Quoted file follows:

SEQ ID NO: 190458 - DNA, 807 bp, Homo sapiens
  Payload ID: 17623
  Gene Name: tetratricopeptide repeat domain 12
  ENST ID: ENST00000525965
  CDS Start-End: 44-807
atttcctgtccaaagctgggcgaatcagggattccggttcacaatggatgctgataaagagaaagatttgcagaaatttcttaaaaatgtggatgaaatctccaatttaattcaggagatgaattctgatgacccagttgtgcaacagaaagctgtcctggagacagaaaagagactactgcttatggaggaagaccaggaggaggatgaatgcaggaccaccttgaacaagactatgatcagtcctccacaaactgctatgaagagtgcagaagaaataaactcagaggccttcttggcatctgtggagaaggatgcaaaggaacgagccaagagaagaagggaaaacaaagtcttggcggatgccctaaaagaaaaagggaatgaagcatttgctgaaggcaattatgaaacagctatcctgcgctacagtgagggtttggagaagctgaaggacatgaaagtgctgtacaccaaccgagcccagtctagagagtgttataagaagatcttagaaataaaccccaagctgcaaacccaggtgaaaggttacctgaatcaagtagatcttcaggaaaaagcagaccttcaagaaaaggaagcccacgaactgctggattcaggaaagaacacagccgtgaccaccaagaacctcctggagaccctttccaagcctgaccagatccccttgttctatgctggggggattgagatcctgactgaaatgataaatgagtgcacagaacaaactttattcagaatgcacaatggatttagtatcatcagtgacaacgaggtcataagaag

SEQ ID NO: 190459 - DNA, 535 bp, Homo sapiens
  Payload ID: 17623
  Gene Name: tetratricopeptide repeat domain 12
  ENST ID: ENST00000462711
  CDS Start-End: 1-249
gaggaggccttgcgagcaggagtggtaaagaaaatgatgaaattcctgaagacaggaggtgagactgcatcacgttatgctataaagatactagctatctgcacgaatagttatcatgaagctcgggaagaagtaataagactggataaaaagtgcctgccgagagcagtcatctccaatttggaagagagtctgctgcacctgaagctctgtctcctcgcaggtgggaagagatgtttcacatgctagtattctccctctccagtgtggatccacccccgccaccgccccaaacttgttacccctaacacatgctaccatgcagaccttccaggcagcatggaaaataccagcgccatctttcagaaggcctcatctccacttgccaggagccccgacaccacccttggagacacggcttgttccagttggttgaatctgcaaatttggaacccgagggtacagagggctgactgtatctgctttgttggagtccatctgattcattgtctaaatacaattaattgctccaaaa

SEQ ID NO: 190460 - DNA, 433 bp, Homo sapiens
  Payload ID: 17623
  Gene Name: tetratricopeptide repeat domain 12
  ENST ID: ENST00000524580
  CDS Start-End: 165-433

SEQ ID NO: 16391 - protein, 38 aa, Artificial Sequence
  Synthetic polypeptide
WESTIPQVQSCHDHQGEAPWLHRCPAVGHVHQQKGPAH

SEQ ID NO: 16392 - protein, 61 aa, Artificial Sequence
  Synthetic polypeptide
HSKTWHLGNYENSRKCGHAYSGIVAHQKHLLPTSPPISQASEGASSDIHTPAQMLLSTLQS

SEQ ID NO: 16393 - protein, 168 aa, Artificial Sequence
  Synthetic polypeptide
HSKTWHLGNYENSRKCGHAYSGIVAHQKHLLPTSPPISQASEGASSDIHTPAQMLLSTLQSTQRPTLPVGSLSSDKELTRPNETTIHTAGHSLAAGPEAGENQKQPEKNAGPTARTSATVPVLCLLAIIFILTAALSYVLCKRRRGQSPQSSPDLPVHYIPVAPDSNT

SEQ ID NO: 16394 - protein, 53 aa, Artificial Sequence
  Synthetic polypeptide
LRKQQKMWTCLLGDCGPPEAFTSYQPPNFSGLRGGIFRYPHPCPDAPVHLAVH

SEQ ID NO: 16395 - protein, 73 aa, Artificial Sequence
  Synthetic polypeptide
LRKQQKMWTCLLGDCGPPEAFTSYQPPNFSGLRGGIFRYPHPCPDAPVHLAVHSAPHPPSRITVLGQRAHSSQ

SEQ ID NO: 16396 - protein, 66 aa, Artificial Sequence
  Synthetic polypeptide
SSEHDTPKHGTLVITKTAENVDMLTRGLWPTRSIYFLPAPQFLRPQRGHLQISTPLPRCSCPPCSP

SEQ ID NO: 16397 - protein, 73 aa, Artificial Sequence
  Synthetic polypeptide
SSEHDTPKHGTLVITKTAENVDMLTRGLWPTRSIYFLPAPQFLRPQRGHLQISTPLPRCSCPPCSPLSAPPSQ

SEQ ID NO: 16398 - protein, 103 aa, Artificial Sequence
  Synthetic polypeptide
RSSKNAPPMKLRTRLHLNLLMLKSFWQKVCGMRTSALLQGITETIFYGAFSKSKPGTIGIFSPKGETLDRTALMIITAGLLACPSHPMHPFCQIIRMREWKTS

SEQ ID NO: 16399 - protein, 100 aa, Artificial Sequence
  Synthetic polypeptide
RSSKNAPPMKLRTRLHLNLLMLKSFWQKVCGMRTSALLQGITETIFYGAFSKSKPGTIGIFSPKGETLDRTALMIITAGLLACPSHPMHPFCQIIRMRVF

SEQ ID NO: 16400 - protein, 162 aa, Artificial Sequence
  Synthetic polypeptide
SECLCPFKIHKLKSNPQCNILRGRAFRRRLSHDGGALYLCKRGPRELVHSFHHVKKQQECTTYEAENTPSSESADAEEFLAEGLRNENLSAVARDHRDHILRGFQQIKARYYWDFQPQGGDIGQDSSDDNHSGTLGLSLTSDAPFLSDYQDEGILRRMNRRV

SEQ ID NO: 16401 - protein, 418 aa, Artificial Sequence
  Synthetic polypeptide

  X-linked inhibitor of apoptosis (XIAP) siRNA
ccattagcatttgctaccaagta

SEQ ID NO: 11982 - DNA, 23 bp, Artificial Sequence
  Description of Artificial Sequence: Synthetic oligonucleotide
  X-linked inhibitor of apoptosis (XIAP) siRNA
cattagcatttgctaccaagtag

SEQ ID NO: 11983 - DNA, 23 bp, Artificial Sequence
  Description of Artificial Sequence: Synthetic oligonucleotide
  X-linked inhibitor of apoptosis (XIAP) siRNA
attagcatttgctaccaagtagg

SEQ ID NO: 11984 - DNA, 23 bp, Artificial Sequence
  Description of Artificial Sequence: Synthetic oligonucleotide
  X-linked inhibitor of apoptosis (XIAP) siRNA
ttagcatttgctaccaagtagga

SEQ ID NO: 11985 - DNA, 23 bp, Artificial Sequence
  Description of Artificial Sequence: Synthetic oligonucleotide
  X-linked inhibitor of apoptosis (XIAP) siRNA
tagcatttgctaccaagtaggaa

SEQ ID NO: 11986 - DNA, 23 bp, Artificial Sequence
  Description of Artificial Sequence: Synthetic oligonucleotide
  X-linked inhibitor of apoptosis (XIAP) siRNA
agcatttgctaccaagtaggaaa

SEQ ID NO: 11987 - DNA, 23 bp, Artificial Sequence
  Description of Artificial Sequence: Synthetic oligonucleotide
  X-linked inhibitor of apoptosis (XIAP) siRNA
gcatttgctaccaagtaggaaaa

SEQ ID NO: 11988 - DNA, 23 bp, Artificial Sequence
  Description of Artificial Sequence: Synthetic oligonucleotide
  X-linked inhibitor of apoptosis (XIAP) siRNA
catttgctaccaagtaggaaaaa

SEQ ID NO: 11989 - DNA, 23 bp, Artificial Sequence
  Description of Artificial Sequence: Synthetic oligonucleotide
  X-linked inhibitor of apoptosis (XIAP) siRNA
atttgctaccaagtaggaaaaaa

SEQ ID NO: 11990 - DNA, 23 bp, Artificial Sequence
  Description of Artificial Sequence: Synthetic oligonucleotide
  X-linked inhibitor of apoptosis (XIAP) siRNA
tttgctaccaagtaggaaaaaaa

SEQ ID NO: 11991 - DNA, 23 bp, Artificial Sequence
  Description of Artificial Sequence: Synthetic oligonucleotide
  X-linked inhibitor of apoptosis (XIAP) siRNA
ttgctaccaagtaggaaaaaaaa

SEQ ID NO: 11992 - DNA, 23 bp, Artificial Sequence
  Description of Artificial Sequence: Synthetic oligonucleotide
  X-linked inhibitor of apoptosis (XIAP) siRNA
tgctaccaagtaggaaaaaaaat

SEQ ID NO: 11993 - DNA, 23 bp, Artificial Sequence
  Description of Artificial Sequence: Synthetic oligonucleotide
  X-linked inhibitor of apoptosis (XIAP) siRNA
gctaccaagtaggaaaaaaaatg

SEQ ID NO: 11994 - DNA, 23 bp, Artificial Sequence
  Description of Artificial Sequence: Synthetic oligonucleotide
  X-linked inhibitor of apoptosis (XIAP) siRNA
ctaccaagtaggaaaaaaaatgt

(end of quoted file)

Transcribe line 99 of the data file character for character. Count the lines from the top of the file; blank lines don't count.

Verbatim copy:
gctaccaagtaggaaaaaaaatg